Introduction to toxEval

22 March, 2019


The toxEval R-package includes a set of functions to analyze, visualize, and organize measured concentration data as it relates to ToxCast data (default) or other user-selected chemical-biological interaction benchmark data such as water quality criteria. The intent of these analyses is to develop a better understanding of the potential biological relevance of environmental chemistry data. Results can be used to prioritize which chemicals at which sites may be of greatest concern. These methods are meant to be used as a screening technique to predict potential for biological influence from chemicals that ultimately need to be validated with direct biological assays.

The functions within this package allow great flexibly for exploring the potential biological affects of measured chemicals. Also included in the package is a browser-based application made from the Shiny R-package (the app). The app is based on functions within the R-package and includes many convenient analyses and visualization options for users to choose. Use of the functions within the R-package allows for additional flexibility within the functions beyond what the app offers and provides options for the user to interact more directly with the data. The overview in this document focuses on the R-package. Documentation for the app is provided in the ShinyApp vignette.

This vignette provides a general overview of the concepts within toxEval, definitions of common terminology used throughout the package, and links to information to help understand fundamentals of the ToxCast database used within toxEval. In addition, instructions are provided for installing and updating the package from the Geological Survey R Archive Network (GRAN).

What is ToxCast?

The U.S. EPA’s Toxicity Forecaster ToxCast includes a database of chemical-biological interactions that contains information from hundreds of assays on thousands of chemicals, providing a means to assess biological relevance to measured concentrations. The toxEval package attempts to simplify the workflow for exploring data as it relates to these assay endpoints (benchmark data). The workflow uses ToxCast as a default for evaluation of chemical:biological interactions, but the user may also define alternative benchmarks for a custom or more traditional approach to biological relevance evaluation. This is also a useful capability for efficient comparison of ToxCast evaluation results with those from other toxicity benchmark databases.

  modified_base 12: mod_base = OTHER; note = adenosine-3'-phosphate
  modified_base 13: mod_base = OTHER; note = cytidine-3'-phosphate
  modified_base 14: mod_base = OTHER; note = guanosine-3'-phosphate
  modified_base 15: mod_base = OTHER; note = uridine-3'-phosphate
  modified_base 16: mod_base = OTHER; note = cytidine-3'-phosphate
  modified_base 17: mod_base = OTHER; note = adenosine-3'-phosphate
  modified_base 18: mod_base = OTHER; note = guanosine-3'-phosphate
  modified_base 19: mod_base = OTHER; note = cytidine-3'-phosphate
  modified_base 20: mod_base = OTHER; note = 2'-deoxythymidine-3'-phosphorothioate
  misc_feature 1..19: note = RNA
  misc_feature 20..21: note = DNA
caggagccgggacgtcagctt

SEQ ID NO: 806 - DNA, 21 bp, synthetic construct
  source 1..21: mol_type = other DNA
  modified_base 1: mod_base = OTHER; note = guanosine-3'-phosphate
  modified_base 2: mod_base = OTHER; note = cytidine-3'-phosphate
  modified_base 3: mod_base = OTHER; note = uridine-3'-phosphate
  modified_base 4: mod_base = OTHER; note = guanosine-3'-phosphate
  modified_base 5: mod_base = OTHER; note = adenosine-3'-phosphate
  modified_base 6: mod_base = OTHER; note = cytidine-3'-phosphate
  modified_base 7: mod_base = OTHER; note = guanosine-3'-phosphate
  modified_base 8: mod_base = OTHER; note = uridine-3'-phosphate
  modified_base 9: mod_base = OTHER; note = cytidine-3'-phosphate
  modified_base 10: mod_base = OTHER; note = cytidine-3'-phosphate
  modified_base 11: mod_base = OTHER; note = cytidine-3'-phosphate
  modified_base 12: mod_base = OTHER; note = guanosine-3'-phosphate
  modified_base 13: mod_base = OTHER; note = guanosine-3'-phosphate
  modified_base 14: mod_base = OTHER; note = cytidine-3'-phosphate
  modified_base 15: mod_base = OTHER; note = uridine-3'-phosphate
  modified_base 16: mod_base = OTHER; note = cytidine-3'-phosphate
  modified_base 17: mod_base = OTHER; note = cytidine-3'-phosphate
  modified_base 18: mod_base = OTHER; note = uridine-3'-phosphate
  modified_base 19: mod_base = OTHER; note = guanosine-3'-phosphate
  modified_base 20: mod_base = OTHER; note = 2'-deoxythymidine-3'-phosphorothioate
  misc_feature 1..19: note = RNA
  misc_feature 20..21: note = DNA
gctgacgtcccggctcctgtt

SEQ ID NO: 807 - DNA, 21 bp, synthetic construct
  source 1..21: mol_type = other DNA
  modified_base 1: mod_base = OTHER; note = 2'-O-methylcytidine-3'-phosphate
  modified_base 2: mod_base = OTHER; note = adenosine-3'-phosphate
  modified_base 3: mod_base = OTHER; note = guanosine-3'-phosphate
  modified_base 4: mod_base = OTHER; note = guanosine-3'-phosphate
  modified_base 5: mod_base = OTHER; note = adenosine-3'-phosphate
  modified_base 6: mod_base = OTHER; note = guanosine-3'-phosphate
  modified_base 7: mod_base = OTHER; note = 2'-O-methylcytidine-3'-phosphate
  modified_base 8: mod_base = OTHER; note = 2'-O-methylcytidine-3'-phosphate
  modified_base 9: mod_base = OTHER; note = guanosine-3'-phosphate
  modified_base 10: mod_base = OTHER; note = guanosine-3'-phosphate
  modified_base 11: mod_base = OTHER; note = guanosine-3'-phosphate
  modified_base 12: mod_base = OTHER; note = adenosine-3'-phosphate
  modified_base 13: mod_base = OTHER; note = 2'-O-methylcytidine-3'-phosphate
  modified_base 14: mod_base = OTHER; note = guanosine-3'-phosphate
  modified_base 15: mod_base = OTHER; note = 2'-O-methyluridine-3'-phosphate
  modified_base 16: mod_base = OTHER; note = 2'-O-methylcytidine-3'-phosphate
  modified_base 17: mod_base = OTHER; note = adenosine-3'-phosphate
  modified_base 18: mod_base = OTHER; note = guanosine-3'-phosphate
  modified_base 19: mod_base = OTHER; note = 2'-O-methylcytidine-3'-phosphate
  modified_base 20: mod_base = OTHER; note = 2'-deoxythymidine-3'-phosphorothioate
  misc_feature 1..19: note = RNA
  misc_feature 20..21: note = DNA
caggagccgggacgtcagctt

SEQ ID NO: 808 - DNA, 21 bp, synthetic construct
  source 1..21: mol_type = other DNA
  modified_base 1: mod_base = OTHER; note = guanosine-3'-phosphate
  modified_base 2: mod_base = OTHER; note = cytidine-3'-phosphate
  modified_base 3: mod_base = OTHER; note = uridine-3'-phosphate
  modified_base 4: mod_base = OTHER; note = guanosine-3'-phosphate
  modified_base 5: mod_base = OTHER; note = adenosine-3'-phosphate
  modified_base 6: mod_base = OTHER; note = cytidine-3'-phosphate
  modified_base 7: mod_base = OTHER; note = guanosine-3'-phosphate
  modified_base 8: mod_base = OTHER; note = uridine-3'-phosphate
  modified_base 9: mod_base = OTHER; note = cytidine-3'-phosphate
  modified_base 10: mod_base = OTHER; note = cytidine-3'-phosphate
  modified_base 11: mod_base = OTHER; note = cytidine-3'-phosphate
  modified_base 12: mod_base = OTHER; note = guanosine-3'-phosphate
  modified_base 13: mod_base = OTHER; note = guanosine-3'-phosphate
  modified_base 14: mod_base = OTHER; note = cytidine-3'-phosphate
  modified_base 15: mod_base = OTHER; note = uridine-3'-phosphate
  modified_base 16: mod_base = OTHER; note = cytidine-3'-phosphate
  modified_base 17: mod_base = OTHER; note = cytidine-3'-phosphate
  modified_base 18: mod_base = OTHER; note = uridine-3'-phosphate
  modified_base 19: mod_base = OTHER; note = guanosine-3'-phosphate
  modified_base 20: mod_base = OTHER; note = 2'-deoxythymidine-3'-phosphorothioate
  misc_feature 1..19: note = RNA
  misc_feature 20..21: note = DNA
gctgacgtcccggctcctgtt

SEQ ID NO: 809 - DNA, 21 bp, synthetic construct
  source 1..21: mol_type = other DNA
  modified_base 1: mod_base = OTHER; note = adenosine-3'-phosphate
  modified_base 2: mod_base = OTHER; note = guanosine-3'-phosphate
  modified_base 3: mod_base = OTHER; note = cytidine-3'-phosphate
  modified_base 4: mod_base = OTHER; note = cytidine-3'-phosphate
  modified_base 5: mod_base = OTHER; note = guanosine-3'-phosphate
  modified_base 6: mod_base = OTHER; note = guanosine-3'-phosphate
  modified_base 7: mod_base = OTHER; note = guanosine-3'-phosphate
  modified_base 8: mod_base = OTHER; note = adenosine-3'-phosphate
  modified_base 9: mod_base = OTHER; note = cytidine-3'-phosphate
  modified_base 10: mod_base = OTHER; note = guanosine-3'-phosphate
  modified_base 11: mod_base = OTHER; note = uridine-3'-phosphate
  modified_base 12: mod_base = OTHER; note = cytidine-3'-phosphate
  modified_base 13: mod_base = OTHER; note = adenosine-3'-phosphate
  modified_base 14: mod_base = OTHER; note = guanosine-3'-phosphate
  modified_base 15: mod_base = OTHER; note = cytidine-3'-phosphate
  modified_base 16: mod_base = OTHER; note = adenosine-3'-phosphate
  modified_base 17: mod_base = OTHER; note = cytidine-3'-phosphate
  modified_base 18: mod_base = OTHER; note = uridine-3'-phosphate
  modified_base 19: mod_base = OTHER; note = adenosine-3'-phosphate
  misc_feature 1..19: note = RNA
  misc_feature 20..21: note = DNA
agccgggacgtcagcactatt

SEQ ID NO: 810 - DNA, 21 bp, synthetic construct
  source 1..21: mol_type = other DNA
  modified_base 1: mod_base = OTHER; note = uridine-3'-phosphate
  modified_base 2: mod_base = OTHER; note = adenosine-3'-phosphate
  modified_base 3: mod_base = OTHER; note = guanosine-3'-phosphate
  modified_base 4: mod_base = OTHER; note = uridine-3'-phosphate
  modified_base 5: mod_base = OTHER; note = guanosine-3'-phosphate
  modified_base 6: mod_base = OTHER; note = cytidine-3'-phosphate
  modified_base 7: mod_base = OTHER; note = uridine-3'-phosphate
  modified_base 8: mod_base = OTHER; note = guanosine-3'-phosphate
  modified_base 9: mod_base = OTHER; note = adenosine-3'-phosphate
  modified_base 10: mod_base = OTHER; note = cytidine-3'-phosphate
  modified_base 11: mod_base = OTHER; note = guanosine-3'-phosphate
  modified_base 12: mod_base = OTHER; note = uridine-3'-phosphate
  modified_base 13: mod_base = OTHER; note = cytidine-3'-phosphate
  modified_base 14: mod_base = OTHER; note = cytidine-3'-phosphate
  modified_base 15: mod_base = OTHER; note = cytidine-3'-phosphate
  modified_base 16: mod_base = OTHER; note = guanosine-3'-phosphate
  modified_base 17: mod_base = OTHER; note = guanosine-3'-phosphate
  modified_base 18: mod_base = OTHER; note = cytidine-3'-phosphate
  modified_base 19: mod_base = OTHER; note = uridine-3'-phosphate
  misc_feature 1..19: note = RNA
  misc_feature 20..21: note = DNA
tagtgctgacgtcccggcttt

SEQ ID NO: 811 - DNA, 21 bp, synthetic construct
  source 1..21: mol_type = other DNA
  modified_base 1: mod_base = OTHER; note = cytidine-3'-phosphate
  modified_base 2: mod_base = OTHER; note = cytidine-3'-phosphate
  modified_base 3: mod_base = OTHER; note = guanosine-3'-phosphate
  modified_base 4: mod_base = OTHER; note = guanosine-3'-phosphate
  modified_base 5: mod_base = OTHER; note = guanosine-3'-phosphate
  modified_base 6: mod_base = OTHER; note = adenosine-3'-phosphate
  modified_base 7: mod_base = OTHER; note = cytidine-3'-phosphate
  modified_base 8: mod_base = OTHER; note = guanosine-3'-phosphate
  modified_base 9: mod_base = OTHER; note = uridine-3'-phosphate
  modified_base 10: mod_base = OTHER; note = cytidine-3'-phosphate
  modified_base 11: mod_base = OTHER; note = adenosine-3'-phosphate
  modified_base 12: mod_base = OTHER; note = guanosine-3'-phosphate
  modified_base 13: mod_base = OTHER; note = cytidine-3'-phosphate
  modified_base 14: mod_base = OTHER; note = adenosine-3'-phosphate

When using the ToxCast endPoints for analysis, it is important to have at least a minimal understanding of what ToxCast data is, and which ToxCast data is relevant to any given study. There are many useful resources here. There is also a tool called the ToxCast Dashboard that has a wealth of information on ToxCast data.

So what are we doing with the user input data and ToxCast? First, we calculate an Exposure-Activity Ratio (EAR) for each measurement. Then we can explore the EARs based on a wide variety of groupings to view the data in many dimensions.

Exposure-Activity Ratio

An Exposure-Activity Ratio (EAR) is defined as the ratio of a measured concentration and a concentration that was determined to cause some activity in a specified ToxCast assay (“endPoint” concentration). An EAR > 1.0 would indicate that the measured concentration is greater than the endpoint concentration. The ToxCast database (as provided in the current version of toxEval) provides as many as several hundred endPoints for more than 7000 chemicals. Each endPoint is a single test that was done to detect some form of biological activity.

In order to get appropriate EAR results, it is important to use the correct units. The toxEval package assumes all measured concentrations are reported in micrograms per liter (\(\mu\)g/L). ToxCast data is reported in log(\(\mu\)M), so the toxEval package automatically performs the unit conversion.

A secondary option within toxEval is for the user to provide a set of “benchmark concentrations” to define custom biological responses to meet specific study objectives (e.g. water quality criteria). In this case, EAR values are replaced with toxicity quotients. Similar to EAR values, toxicity quotients are defined as the ratio of a measured concentration to the benchmark concentration.

EAR is basically synonymous with bioanalytical equivalent concentrations (BEQ). EAR is a ratio, and BEQ is a measure of concentration, but both convey the same information.

What is an “endPoint”?

ToxCast uses high-throughput assays to create concentration-response curves for each of these chemical:endPoint combinations. An endPoint is “associated with the perturbation of specific biological processes identified for the confirmation or monitoring of predicted site-specific hazards” Blackwell 2017. That means a specific biological action was tested, and the concentration at which activity was observed was determined. Of several endpoint values provided within the ToxCast database, the activity concentration at cutoff (ACC) was chosen to compute EAR values within the toxEval package, consistent with the description in Blackwell, 2017. ACC values from the ToxCast database are provided within the toxEval package.

What is a “group”?